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Sampling Procedure for Lichen Coverage

The following procedures will standardize the lichen coverage measurements so results can be compared and analyzed with other sites.

  • Select 10 mature trees for your sample. These ten trees should be of the same species, if possible. Mark the tree for later identification. At each selected mature tree of your selected species, tie a string around the trunk at a height of 1.5 meters from the ground.

  • Collect the Latitude and Longitude for each tree in your sample. A USGS topographic map may be used to determine the Latitude and Longitude, or you can borrow a Global Positioning Satellite Unit from the PathFinder Science project. As an alternative, use trees that are within one kilometer (.6 mile) of your school site and record the latitude and longitude of your school site on the data collection table.

  • Record the latitude and longitude of each tree on the data collection table.

  • Try to choose trees with alkaline bark, preferably ash, but if not ash, then elm or sycamore. If need be, use trees with acid bark, preferably oak, but if not oak, then beech or birch.

  • Scrape some bark from the tree into distilled water (pH 7.0) and let it soak. After 24 hours, take a measurement with a pH probe, if you have access to one, or with a pH strip test.

For each tree, fill in the information on the table below.

School Name     
Sample Date     
Tree Number     
Tree Species     
Latitude     
Longitude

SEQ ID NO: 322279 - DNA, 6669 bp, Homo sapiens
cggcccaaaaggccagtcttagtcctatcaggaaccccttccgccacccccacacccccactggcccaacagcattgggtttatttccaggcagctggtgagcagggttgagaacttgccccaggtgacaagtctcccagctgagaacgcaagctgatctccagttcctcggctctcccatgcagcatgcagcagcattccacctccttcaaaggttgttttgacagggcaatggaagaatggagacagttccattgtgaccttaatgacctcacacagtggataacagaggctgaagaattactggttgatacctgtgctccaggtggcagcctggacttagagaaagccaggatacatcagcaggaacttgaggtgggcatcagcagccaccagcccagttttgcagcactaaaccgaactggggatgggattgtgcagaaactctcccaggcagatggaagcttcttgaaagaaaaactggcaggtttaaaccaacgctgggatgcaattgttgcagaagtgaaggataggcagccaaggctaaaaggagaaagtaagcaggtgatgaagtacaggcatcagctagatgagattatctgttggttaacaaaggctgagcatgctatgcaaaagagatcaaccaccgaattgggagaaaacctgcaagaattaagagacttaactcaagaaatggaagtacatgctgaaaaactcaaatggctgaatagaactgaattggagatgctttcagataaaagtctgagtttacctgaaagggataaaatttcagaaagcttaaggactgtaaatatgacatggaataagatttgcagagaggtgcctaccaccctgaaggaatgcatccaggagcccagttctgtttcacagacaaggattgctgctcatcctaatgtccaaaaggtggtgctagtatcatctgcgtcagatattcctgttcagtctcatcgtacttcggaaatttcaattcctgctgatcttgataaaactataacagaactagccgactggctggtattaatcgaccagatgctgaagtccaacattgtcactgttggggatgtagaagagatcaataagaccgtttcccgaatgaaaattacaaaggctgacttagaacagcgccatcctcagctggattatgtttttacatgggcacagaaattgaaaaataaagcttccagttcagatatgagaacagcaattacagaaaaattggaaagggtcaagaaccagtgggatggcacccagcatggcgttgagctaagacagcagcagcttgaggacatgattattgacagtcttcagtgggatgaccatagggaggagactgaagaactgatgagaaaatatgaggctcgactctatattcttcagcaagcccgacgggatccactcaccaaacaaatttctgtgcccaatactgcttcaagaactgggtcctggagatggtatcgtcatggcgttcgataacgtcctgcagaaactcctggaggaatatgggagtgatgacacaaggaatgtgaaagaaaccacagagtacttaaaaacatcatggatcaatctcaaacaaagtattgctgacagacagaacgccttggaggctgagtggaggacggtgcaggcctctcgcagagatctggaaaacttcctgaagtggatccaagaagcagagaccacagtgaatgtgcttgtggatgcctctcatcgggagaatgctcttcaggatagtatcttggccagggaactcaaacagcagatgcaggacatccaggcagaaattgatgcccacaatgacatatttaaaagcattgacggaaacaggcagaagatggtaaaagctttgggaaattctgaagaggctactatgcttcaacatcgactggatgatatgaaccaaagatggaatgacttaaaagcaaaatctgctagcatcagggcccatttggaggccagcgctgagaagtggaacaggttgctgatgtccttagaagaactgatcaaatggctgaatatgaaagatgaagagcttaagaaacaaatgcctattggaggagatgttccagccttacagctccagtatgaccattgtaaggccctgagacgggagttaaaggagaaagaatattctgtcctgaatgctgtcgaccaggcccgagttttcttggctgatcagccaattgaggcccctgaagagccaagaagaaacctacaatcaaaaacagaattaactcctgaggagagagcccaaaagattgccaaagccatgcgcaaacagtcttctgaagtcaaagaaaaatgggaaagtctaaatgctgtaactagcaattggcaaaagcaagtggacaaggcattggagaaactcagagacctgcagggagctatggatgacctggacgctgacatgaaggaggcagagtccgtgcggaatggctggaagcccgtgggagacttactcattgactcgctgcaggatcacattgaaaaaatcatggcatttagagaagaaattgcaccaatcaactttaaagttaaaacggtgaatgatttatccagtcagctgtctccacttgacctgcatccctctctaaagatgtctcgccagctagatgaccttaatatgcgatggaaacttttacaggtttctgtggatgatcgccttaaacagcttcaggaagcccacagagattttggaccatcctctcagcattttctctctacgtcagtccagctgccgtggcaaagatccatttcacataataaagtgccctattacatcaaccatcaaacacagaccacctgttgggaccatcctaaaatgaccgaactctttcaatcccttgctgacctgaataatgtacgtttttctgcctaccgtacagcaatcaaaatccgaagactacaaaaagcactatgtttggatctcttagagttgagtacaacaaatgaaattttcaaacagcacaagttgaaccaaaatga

pH of the Bark     

To estimate the degree of cover we will use a belt transect with accurate determination of coverage. Record your tree's identification number on the chart. Make sure your string around the tree is 1.5 meters above the ground at all points. Determine North, South, East, and West using a compass and mark these points on the tree. Use the 100-circle grid at the end of this procedure* and copy it on to an acetate sheet. Place the transparent grid so that it's lower edge touches the string. The center of the grid should be lined-up with magnetic north (determined from a compass).

To observe and record percentage cover by each type of lichen, moss, bare bark, count what is showing through each of the 100 small circles on the acetate sheet and record the results on the chart below. The procedure should be repeated for each compass direction, i.e., north, south, east, west. Each column should add up to 100.

Tree Number________ North South East West
Crustose        
Foliose        
Fructicose        
Moss        
Bare Bark        
Other        

Repeat this procedure for all 10 trees. To submit your data, average the data from the four cardinal directions. For example; Crustose North 26) Crustose East (28), Crustose South (26), Crustose West (28) would be an average of 27. In other words, the average crustose coverage on the tree was 27%. The number on the data entry form would be 27.


Tardigrade Sampling